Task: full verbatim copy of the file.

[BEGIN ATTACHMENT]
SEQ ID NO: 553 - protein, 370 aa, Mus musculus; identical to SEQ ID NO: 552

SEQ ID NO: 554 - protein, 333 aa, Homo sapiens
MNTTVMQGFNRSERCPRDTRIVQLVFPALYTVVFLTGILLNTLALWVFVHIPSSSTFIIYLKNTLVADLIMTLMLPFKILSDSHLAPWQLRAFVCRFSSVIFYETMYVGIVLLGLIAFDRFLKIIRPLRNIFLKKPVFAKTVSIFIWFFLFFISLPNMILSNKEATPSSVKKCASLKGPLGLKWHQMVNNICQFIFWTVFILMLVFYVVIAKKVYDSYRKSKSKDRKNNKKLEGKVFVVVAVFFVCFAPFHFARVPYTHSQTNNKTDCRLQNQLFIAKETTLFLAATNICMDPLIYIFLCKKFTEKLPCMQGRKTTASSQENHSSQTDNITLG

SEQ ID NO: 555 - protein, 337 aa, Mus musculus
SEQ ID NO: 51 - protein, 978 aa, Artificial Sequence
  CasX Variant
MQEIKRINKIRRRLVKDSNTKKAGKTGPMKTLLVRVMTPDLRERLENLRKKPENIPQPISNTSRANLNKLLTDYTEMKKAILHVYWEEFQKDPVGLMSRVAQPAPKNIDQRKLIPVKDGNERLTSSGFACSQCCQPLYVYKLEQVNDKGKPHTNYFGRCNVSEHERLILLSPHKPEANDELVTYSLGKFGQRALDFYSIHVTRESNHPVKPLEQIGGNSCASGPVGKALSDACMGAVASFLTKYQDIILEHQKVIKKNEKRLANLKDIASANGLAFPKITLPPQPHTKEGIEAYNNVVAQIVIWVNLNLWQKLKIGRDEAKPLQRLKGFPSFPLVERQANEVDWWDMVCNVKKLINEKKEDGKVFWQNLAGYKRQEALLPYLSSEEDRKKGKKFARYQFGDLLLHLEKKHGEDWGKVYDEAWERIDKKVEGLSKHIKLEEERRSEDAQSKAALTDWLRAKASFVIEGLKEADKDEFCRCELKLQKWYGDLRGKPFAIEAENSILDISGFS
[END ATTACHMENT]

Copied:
SEQ ID NO: 553 - protein, 370 aa, Mus musculus; identical to SEQ ID NO: 552

SEQ ID NO: 554 - protein, 333 aa, Homo sapiens
MNTTVMQGFNRSERCPRDTRIVQLVFPALYTVVFLTGILLNTLALWVFVHIPSSSTFIIYLKNTLVADLIMTLMLPFKILSDSHLAPWQLRAFVCRFSSVIFYETMYVGIVLLGLIAFDRFLKIIRPLRNIFLKKPVFAKTVSIFIWFFLFFISLPNMILSNKEATPSSVKKCASLKGPLGLKWHQMVNNICQFIFWTVFILMLVFYVVIAKKVYDSYRKSKSKDRKNNKKLEGKVFVVVAVFFVCFAPFHFARVPYTHSQTNNKTDCRLQNQLFIAKETTLFLAATNICMDPLIYIFLCKKFTEKLPCMQGRKTTASSQENHSSQTDNITLG

SEQ ID NO: 555 - protein, 337 aa, Mus musculus
SEQ ID NO: 51 - protein, 978 aa, Artificial Sequence
  CasX Variant
MQEIKRINKIRRRLVKDSNTKKAGKTGPMKTLLVRVMTPDLRERLENLRKKPENIPQPISNTSRANLNKLLTDYTEMKKAILHVYWEEFQKDPVGLMSRVAQPAPKNIDQRKLIPVKDGNERLTSSGFACSQCCQPLYVYKLEQVNDKGKPHTNYFGRCNVSEHERLILLSPHKPEANDELVTYSLGKFGQRALDFYSIHVTRESNHPVKPLEQIGGNSCASGPVGKALSDACMGAVASFLTKYQDIILEHQKVIKKNEKRLANLKDIASANGLAFPKITLPPQPHTKEGIEAYNNVVAQIVIWVNLNLWQKLKIGRDEAKPLQRLKGFPSFPLVERQANEVDWWDMVCNVKKLINEKKEDGKVFWQNLAGYKRQEALLPYLSSEEDRKKGKKFARYQFGDLLLHLEKKHGEDWGKVYDEAWERIDKKVEGLSKHIKLEEERRSEDAQSKAALTDWLRAKASFVIEGLKEADKDEFCRCELKLQKWYGDLRGKPFAIEAENSILDISGFS